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Soldier Man (1926)

After the armistice, one U.S. soldier remains unaccounted for: he's wandering the fields of Bomania, hungry, thinking the war is still on. (He was in a German prison camp, escaping while ... See full summary »

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, (titles) (as A.H. Giebler) | 1 more credit »
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Cast

Cast overview:
... The Soldier / King Strudel the 13th of Bomania
... The Soldier's Wife / The Queen of Bomania
... The Prime Minister
Frank Whitson ... General Von Snootzer
Yorke Sherwood ... American General
S.D. Wilcox ... Royal Guard (as SIlas D. Wilcox)
... Royal Philosopher (scenes deleted)
Andre Bailey
Consuelo Dawn ... (as Connie Dawn)
Muriel Montrose
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Storyline

After the armistice, one U.S. soldier remains unaccounted for: he's wandering the fields of Bomania, hungry, thinking the war is still on. (He was in a German prison camp, escaping while his captors celebrated the Great War's end.) Turns out, he's the spitting image of Bomania's King Strudel. The prime minister wants Strudel to sign a peace treaty ending civil war with a cousin. Bomania's General Von Snootzer wants the war to continue, so he contrives to derail the treaty. Strudel is a drunk, his queen hates him. Into the mix stumbles our dough boy. If he can pass for the king, maybe the treaty can continue. But what of the queen and her plans? Written by <jhailey@hotmail.com>

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Comedy | Short

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1 May 1926 (USA)  »

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1.33 : 1
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Connections

Remade as Block-Heads (1938) See more »

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User Reviews

 
Worth fighting for
7 December 2009 | by See all my reviews

A lot has been made of the similarities between the film comedy characters of Harry Langdon and Stan Laurel. While both uniquely and individually wonderful, one can see a pretty clear lineage. "Soldier Man" starts with an opening gag premise that wouldn't work very well for almost any other characters -- Harry is a soldier from World War One who has not realized years later that it is over -- which would be repeated years later for Laurel in "Block-Heads," a feature Langdon would co- wrote.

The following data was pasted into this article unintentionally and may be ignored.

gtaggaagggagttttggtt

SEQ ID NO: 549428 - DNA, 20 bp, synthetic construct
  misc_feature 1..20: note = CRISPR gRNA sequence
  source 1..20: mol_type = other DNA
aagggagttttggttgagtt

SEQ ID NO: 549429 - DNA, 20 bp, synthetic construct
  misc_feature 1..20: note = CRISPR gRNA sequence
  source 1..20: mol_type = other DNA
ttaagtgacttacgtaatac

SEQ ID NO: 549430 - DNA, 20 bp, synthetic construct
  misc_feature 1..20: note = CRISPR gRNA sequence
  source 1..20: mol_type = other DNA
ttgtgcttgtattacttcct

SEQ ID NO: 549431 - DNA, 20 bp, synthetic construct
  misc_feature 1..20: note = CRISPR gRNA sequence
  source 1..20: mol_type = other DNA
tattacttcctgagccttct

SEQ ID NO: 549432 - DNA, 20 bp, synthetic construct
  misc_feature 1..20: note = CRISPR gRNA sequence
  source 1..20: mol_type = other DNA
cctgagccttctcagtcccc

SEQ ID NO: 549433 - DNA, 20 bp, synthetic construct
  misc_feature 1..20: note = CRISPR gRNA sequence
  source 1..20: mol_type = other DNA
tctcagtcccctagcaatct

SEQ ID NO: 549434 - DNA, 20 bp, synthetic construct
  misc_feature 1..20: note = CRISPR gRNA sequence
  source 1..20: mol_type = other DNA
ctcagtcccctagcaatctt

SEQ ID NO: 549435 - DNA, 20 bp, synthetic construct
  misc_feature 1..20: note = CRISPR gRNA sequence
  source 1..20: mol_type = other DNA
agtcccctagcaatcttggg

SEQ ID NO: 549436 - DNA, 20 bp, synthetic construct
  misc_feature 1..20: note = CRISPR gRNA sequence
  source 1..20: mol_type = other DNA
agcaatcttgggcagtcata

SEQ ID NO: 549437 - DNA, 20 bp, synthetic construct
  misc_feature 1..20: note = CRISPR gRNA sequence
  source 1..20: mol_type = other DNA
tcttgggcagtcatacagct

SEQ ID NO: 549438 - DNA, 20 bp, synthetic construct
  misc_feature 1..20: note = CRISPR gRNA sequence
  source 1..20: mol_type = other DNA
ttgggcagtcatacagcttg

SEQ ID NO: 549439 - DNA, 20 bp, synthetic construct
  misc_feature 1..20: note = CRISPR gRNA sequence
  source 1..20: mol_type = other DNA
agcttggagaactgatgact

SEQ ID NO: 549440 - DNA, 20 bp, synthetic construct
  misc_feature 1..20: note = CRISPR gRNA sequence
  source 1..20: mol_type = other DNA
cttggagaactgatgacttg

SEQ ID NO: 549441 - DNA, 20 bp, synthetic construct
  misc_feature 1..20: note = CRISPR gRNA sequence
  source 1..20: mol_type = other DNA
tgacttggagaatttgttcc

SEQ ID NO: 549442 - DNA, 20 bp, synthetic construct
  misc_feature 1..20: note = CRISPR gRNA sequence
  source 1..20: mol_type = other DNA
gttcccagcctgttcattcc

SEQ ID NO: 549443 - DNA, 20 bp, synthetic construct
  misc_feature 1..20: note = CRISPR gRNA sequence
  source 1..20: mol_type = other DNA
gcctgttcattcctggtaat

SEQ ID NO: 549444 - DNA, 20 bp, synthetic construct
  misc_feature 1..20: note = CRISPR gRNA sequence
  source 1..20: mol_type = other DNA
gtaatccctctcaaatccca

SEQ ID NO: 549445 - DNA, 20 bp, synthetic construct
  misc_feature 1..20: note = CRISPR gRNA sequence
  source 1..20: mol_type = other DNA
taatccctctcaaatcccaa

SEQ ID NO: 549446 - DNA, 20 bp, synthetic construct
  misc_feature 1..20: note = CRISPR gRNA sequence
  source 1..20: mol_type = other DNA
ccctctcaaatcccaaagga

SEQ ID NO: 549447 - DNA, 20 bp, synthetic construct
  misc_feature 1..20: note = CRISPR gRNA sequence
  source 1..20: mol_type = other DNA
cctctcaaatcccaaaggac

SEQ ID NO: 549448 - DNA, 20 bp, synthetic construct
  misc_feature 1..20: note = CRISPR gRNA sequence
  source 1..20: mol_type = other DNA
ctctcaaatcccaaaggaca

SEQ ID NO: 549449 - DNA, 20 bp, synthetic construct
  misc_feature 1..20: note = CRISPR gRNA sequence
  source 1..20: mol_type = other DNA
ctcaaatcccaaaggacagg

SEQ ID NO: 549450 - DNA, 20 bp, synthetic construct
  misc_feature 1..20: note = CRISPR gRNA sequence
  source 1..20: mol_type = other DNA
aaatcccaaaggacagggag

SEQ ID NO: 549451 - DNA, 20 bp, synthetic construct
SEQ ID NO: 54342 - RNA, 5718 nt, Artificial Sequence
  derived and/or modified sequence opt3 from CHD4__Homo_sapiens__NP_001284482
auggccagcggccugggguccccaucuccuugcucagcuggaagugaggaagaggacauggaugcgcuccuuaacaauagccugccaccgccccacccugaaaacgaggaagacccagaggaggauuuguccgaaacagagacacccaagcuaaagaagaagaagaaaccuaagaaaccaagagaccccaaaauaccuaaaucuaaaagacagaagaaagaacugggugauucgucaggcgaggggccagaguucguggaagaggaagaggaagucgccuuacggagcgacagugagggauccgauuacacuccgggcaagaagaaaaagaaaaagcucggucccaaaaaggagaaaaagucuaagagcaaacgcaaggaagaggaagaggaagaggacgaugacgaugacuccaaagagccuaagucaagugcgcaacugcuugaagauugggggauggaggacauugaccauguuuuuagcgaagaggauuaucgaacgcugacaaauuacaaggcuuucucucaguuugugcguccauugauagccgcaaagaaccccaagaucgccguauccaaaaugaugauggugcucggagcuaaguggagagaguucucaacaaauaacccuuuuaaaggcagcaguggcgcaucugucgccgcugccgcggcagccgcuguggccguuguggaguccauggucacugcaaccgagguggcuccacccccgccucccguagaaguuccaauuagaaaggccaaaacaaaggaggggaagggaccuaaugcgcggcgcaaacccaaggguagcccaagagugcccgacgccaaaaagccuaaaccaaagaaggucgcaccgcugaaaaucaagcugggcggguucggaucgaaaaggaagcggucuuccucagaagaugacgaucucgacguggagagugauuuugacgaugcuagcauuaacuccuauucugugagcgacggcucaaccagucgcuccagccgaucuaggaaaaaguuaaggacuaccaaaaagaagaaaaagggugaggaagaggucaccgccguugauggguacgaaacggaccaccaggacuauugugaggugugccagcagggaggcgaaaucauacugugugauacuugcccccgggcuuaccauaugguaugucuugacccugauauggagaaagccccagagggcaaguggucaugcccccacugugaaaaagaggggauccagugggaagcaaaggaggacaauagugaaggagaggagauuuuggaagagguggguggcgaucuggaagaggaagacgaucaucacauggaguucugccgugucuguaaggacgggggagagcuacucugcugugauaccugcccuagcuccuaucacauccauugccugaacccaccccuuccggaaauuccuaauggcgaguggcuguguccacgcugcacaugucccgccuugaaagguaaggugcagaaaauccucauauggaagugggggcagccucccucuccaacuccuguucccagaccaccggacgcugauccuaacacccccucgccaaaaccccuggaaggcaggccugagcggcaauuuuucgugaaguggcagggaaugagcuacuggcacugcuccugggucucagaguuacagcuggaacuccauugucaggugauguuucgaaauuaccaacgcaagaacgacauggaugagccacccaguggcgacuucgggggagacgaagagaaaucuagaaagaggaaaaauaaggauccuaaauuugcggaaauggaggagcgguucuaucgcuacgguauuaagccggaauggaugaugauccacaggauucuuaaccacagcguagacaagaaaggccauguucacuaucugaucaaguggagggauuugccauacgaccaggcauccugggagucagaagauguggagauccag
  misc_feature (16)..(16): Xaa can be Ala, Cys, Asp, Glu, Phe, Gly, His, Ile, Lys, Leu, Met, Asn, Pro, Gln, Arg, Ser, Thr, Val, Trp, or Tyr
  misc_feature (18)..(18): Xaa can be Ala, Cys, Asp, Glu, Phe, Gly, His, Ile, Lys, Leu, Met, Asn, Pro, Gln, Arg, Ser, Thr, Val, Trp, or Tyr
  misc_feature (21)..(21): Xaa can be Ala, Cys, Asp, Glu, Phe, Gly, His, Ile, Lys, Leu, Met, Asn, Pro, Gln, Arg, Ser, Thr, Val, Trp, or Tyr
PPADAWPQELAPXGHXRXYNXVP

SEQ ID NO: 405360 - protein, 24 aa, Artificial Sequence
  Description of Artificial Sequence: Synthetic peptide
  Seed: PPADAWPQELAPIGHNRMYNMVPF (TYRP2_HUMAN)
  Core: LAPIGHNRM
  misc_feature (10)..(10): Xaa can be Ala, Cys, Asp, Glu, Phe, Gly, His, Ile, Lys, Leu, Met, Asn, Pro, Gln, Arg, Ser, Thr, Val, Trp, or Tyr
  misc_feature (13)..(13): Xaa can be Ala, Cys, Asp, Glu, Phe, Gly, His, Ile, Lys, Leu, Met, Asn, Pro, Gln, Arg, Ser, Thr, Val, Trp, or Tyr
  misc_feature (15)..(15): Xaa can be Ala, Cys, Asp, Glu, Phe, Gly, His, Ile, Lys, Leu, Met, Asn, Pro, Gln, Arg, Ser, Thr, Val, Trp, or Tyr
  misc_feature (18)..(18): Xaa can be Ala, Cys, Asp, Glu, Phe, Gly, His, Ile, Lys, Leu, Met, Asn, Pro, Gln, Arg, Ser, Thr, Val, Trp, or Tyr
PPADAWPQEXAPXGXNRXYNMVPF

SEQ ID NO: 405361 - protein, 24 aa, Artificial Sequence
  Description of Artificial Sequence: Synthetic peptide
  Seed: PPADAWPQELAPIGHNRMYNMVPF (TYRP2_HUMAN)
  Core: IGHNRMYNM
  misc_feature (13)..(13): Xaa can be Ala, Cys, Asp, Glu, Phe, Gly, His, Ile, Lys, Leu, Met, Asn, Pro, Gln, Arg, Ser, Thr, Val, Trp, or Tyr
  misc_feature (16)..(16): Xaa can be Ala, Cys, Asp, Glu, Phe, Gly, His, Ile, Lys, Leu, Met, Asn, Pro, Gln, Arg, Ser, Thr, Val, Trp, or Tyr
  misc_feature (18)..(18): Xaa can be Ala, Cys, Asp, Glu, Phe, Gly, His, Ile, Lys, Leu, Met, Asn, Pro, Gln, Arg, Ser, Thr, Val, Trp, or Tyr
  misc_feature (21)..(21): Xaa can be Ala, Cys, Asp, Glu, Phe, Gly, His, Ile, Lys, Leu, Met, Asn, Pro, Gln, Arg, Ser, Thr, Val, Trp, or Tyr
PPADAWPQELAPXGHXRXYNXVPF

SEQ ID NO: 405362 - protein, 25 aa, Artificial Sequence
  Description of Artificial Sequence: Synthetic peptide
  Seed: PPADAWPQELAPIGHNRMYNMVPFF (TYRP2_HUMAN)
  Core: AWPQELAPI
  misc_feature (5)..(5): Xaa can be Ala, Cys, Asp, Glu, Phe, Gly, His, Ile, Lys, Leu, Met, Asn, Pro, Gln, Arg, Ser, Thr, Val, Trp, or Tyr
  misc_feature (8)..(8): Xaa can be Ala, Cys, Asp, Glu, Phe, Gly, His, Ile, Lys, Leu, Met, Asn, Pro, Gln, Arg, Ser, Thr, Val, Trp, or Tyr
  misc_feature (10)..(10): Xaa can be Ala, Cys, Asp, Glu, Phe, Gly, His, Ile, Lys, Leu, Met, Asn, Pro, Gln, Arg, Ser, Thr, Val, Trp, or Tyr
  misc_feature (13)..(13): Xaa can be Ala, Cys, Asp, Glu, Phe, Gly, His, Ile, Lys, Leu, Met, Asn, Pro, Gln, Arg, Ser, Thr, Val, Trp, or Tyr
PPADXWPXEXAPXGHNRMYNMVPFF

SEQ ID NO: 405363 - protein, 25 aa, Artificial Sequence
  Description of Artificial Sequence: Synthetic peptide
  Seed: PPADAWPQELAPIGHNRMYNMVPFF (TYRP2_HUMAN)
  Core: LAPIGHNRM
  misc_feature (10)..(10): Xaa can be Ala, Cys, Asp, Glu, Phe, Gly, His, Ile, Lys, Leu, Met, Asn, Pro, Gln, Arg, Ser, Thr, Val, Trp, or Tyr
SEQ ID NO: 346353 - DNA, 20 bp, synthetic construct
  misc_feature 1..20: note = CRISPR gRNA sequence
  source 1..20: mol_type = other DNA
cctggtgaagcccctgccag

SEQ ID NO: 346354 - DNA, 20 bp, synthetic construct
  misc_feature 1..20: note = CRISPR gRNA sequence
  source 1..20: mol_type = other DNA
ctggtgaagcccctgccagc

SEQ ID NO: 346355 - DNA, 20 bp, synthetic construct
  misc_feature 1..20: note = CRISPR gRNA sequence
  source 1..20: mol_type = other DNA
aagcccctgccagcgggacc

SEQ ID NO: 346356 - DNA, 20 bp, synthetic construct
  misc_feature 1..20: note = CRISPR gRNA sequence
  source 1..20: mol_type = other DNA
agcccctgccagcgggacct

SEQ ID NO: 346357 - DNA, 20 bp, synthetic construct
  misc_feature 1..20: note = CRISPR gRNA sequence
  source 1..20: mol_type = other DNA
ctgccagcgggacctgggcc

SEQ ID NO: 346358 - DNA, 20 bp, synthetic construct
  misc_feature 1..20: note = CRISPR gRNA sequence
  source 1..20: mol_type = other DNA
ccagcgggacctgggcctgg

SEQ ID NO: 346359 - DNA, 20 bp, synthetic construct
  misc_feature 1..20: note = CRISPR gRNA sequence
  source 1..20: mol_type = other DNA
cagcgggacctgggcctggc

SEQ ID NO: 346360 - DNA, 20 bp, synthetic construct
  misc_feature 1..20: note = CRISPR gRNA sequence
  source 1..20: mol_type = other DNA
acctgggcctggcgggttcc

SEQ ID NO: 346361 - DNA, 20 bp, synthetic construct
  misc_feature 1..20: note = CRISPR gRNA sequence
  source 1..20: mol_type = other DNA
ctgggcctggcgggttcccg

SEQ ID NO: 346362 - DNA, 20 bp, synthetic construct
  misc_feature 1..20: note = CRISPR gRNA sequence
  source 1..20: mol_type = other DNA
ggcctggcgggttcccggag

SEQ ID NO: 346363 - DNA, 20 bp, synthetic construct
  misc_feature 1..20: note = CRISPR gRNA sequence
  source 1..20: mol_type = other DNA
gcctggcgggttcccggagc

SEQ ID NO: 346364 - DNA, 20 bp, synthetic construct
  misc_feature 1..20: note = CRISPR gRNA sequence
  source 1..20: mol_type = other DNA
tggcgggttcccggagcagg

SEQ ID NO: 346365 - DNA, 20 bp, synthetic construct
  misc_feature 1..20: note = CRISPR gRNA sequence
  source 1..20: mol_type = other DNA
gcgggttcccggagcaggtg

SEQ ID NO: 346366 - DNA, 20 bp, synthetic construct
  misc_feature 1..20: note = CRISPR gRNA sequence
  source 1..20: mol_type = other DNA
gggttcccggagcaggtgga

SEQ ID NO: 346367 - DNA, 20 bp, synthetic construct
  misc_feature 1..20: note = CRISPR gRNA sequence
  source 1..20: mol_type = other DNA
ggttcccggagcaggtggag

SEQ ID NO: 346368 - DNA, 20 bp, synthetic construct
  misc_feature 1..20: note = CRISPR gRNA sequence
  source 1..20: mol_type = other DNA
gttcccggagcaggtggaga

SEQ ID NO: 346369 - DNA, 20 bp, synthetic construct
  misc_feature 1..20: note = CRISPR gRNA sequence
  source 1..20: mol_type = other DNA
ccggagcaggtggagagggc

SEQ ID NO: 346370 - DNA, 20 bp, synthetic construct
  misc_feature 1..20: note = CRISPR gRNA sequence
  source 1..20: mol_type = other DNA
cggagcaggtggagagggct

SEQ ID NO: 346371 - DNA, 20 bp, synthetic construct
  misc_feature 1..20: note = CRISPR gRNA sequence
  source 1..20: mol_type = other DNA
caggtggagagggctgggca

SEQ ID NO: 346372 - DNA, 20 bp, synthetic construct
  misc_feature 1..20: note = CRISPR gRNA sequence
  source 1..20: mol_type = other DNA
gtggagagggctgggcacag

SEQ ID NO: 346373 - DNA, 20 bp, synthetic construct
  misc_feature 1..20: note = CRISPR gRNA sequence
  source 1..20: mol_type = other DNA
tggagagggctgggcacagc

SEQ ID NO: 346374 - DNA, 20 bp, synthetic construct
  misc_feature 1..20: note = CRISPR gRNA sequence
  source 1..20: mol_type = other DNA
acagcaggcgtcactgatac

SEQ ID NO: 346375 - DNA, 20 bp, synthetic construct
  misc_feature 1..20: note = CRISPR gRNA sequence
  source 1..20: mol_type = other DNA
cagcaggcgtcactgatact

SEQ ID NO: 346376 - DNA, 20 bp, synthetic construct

"Soldier Man" goes in a very different direction than "Block-Heads" will, though. Instead of being discovered and reunited with Oliver Hardy at on old soldiers' home, we get a wonderful gag sequence in which a series of coincidences and confusions allow Harry to think he is still fighting the war -- and being fought back at. These gags, involving some ingenious and grotesque bits with a scarecrow and a complex visual joke that has to do with a blown-up co that becomes pre-butchered meat, make great use, of course, of Harry Langdon's signature slow, confused reactions, but here, in a rarer occurrence even in Langdon's own shorts, the comedy is not just in these between-the-lines reactions that make up his performance. His character has really been developed to complete fruition here and that means that gags are now being written not just for generic comedians or to give Harry a chance to do his thing, but custom-tailored to the way his character behaves. It all feels right and works well. This new development makes itself felt also in the very funny and in-character title cards that Harry is given throughout the film.

Another sign of this is the fact that this short, while its premise would have fit into the twenty minutes of a standard two-reel short, is given three in which to develop. The producers knew that so much of the comedy could come between the parts written in the script from Harry's still and slow expressions.

In the second part of the film we move to a old standard trope, in which Harry resembles exactly the country's alcoholic king; he plays the king in just a few shots but impressively projects a very convincingly different alcoholic despot. In this part of the comedy the "plot" elements remain almost totally separate from anything Harry does. They remain fairly unobtrusive (though still they seems a little unnecessary), which allows us to follow the pure comedy of Harry Langdon attempting to be a king.

Of course, he doesn't understand a thing about how to do it. In some ways making Harry Langdon have to play king is a perfect idea because the decisiveness and power that a king is supposed to project are the exact opposite of the complete ineffectualness and uncertainly that define his character. So we can sit back and watch Harry at his best, unable to take his concentration away from a bowl of fruit, interacting with a suit of army he thinks is alive, jumping with fright at a wig that falls off a man's head, ordering a man beheaded because he thinks he is supposed to and then becoming horrified when he realizes what beheading is, and more.

The ending is of a kind that is often used in films (I won't reveal it for those who haven't watched it yet), and it almost always feels like a complete cop-out. Here, though, it is topped by such a sweet gag twist that all is forgiven.

This is Harry at his purely funniest, in material that is clearly and happily designed just for him.


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